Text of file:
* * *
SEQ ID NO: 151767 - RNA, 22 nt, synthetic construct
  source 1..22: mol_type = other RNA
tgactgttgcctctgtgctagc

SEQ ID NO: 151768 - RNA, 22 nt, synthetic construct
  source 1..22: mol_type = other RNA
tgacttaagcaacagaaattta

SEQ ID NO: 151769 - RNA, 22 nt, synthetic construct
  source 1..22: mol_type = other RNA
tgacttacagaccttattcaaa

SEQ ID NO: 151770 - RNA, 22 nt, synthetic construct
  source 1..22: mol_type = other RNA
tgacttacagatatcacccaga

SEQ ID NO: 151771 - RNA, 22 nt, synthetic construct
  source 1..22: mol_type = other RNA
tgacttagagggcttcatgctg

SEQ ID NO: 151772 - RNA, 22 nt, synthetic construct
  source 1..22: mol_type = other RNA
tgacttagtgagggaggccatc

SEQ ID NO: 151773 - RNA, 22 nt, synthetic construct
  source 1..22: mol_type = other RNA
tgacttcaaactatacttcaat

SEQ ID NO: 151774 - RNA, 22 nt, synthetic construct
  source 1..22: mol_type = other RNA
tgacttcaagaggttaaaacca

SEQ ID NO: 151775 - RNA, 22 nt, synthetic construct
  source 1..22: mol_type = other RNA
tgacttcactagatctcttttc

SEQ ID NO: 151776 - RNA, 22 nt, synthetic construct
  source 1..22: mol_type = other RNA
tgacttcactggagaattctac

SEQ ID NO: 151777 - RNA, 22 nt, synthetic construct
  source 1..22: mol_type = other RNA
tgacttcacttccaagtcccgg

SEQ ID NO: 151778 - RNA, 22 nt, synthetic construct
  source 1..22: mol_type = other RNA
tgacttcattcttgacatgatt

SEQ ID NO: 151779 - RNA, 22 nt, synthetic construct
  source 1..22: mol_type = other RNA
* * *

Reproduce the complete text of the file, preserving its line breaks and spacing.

SEQ ID NO: 151767 - RNA, 22 nt, synthetic construct
  source 1..22: mol_type = other RNA
tgactgttgcctctgtgctagc

SEQ ID NO: 151768 - RNA, 22 nt, synthetic construct
  source 1..22: mol_type = other RNA
tgacttaagcaacagaaattta

SEQ ID NO: 151769 - RNA, 22 nt, synthetic construct
  source 1..22: mol_type = other RNA
tgacttacagaccttattcaaa

SEQ ID NO: 151770 - RNA, 22 nt, synthetic construct
  source 1..22: mol_type = other RNA
tgacttacagatatcacccaga

SEQ ID NO: 151771 - RNA, 22 nt, synthetic construct
  source 1..22: mol_type = other RNA
tgacttagagggcttcatgctg

SEQ ID NO: 151772 - RNA, 22 nt, synthetic construct
  source 1..22: mol_type = other RNA
tgacttagtgagggaggccatc

SEQ ID NO: 151773 - RNA, 22 nt, synthetic construct
  source 1..22: mol_type = other RNA
tgacttcaaactatacttcaat

SEQ ID NO: 151774 - RNA, 22 nt, synthetic construct
  source 1..22: mol_type = other RNA
tgacttcaagaggttaaaacca

SEQ ID NO: 151775 - RNA, 22 nt, synthetic construct
  source 1..22: mol_type = other RNA
tgacttcactagatctcttttc

SEQ ID NO: 151776 - RNA, 22 nt, synthetic construct
  source 1..22: mol_type = other RNA
tgacttcactggagaattctac

SEQ ID NO: 151777 - RNA, 22 nt, synthetic construct
  source 1..22: mol_type = other RNA
tgacttcacttccaagtcccgg

SEQ ID NO: 151778 - RNA, 22 nt, synthetic construct
  source 1..22: mol_type = other RNA
tgacttcattcttgacatgatt

SEQ ID NO: 151779 - RNA, 22 nt, synthetic construct
  source 1..22: mol_type = other RNA